The dynamics of droplet impact and splash is important in many applications, yet its analysis involves difficult intertwined aspects. Here Liu et al. make shape parametrically accessible to experiment, with ferrofluidic drops passing a magnetic field in a defined way.

    • Qingzhe Liu
    • , Jack Hau Yung Lo
    •  & Lei Xu
  • Article
    | Open Access

    Nguyen et al. take a fresh look at Tesla’s concept of an asymmetric fluidic conduit. They show that for alternating flow at high frequencies the device can almost be operated as a diode, enabled by a transition to turbulent-like flow at rather low Reynolds numbers.

    • Quynh M. Nguyen
    • , Joanna Abouezzi
    •  & Leif Ristroph
  • Article
    | Open Access

    Turbulence effects explored use macroscale systems in general. Here the authors generate a turbulent plasma using laser irradiation of a solid target and study the dynamics of the plasma flow at the micron-scale by using scattering of an XFEL beam.

    • G. Rigon
    • , B. Albertazzi
    •  & M. Koenig
  • Article
    | Open Access

    A novel model for submarine tephra dispersal by hydrothermal megaplumes is proposed. The energy flux inferred from our model aligns with megaplume observations, and suggests that the catastrophic release of hot crustal fluids, as opposed to lava heating, is responsible for megaplume generation.

    • Samuel S. Pegler
    •  & David J. Ferguson
  • Article
    | Open Access

    The authors describe a dynamic surface instability between impacting materials, showing that a region of mixing grows between two media. The study implies that this can explain mixed compositions and textures in certain meteorites.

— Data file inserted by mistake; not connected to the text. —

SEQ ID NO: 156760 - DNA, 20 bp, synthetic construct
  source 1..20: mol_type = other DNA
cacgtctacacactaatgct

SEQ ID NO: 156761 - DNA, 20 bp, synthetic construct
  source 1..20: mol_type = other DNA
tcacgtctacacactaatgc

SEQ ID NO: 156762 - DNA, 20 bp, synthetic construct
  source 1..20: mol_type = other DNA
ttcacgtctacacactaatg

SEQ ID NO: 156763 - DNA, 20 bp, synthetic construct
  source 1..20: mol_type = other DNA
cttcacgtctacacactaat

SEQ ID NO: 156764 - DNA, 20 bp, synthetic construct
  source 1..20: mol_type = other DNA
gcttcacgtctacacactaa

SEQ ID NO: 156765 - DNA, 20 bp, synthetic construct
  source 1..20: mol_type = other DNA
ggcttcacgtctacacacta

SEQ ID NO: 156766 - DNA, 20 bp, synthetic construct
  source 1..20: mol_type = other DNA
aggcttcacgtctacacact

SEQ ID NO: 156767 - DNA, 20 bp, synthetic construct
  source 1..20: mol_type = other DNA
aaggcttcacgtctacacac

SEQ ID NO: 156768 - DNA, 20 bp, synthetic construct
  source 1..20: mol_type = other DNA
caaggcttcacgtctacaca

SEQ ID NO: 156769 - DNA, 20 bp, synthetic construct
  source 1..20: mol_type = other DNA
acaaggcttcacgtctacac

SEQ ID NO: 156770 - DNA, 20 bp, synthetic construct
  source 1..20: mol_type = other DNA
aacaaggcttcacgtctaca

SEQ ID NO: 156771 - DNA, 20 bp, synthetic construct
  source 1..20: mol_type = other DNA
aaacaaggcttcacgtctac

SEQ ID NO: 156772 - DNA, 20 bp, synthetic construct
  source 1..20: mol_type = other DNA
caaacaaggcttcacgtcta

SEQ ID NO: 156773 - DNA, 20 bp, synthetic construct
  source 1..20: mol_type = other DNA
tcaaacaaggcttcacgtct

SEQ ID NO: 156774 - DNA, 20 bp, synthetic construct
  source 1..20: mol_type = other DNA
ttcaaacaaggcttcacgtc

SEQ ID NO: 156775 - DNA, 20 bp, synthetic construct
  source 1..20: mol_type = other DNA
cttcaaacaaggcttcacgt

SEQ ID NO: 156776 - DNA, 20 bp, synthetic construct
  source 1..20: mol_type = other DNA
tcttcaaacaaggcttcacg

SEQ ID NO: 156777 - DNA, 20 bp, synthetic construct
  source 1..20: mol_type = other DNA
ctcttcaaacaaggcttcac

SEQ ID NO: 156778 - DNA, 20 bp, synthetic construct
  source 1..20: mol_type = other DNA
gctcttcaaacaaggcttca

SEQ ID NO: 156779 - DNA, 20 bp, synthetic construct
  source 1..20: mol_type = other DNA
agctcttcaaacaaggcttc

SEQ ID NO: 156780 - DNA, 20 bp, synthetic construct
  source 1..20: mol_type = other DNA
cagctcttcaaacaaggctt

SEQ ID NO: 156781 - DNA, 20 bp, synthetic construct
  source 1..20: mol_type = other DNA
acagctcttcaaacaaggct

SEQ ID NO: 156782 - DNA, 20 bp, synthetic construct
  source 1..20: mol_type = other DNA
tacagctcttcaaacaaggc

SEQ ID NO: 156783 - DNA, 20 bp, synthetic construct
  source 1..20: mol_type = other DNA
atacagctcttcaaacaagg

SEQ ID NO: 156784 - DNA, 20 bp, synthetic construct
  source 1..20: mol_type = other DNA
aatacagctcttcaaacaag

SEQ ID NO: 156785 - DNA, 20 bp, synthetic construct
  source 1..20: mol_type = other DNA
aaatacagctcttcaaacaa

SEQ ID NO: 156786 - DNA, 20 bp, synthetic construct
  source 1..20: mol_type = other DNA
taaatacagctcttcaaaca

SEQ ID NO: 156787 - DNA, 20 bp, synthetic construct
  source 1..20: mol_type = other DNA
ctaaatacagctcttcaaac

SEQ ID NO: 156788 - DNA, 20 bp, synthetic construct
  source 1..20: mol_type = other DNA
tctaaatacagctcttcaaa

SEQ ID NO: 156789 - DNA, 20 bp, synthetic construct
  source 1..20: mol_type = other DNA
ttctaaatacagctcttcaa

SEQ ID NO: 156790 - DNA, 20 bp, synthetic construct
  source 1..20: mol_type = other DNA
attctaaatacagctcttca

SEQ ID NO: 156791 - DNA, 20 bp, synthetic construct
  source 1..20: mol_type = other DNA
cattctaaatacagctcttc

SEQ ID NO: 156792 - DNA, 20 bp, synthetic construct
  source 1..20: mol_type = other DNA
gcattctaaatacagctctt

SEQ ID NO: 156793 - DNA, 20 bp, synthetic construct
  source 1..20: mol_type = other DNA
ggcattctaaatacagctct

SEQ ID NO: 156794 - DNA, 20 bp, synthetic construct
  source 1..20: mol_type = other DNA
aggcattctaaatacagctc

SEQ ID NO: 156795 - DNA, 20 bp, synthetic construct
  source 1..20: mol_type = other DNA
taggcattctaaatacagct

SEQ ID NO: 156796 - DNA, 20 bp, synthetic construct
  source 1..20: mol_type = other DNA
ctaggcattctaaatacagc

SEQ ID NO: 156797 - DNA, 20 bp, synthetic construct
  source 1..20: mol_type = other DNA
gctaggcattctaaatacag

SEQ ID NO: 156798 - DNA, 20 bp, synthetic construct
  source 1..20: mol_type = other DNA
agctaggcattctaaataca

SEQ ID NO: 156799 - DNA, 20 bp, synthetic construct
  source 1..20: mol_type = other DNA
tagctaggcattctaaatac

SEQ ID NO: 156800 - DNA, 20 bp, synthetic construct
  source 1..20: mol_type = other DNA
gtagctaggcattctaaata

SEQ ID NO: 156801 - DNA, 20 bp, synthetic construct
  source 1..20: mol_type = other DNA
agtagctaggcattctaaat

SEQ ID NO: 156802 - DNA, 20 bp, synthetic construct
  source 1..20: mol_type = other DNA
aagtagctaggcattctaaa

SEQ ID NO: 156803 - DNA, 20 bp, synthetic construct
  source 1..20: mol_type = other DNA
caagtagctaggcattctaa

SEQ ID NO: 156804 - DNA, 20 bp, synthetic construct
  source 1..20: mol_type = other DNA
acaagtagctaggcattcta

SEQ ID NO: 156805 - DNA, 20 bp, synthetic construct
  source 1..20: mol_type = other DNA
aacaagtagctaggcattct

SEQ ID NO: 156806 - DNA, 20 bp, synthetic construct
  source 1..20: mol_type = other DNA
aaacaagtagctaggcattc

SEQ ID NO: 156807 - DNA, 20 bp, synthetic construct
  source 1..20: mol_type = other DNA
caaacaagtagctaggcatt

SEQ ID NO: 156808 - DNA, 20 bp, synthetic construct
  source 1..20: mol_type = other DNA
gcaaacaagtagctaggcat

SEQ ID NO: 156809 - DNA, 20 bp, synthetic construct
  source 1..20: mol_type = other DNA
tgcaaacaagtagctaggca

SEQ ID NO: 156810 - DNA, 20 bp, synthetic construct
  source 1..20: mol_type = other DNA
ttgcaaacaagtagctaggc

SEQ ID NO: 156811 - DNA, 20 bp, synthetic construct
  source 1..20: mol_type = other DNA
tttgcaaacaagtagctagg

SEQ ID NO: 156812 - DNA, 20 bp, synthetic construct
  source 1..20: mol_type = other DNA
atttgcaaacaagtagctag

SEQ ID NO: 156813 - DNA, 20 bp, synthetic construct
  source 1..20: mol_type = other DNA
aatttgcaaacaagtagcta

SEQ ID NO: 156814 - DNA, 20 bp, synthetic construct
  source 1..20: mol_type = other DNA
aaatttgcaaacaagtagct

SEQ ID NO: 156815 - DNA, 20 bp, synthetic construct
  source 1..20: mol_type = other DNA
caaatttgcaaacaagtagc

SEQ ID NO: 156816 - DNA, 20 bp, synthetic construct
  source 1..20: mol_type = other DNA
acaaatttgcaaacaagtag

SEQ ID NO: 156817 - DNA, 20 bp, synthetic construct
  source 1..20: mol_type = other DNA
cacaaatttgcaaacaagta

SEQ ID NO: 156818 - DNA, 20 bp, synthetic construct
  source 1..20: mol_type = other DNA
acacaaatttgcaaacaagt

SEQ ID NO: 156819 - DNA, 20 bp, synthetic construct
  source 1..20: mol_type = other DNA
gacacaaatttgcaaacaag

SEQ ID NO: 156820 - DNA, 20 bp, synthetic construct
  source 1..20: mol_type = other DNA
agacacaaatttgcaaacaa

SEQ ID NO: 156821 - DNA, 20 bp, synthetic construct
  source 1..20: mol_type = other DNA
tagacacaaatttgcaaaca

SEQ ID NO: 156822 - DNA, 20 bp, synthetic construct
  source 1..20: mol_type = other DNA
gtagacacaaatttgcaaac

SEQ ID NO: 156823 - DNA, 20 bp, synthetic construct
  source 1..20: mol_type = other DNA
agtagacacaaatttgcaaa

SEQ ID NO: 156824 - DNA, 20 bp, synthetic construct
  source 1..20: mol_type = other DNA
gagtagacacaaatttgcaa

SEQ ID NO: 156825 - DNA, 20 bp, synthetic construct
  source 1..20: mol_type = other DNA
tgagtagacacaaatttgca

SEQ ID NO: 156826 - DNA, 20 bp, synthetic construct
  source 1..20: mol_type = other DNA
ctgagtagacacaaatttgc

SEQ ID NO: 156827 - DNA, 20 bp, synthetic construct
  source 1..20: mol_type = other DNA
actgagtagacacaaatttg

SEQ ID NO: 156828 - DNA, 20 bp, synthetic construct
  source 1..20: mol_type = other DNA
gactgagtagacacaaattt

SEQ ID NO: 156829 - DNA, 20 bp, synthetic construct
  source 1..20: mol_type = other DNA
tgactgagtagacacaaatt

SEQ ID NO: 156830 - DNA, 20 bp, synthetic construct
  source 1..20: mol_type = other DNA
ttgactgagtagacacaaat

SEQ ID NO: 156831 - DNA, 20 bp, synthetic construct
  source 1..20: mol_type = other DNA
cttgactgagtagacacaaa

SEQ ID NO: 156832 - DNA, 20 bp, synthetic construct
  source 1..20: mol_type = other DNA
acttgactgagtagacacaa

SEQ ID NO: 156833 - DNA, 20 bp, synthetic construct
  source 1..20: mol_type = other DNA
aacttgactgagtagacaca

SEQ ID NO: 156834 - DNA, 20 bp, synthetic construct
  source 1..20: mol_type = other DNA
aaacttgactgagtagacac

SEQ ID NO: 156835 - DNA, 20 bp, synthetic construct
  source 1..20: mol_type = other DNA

• Avi Ravid
    • , Robert I. Citron
    •  & Raymond Jeanloz
  • Article
    | Open Access

    Methane is abundant in the Universe, is an important energy carrier and a model system for fundamental studies. Here, the authors measure the self-diffusion coefficient of supercritical methane at ambient temperature up to the freezing pressure, and find a different behavior than expected based on previous models.

    • Umbertoluca Ranieri
    • , Stefan Klotz
    •  & Livia E. Bove
  • Article
    | Open Access

    Fick’s laws describe the essential physics of diffusion, but it is challenging to extend them to systems out of equilibrium. The authors derive the diffusivity of particles near active carpets - a surface covered with hydrodynamic actuators, which provides a framework for transport in living matter.

    • Francisca Guzmán-Lastra
    • , Hartmut Löwen
    •  & Arnold J. T. M. Mathijssen
  • Article
    | Open Access

    Gymnosperm sapwood is an abundantly available material to construct water filters but the material’s behaviour as a filter is poorly understood and challenges such as short shelf live have not been addressed. Here, the authors develop guidelines for the design and fabrication of xylem filters and demonstrate gravity-operated filters with a shelf life of more than two years for the removal of contaminants from spring, tap and ground water.

    • Krithika Ramchander
    • , Megha Hegde
    •  & Rohit Karnik
  • Article
    | Open Access

    The classic Leidenfrost phenomenon is familiar, yet its physics is rather complex. Graeber et al. observe the unexpected development of repeated hopping of a droplet trampolining on its own vapor cushion on a hot plate and show under which conditions this self-initiated motion occurs.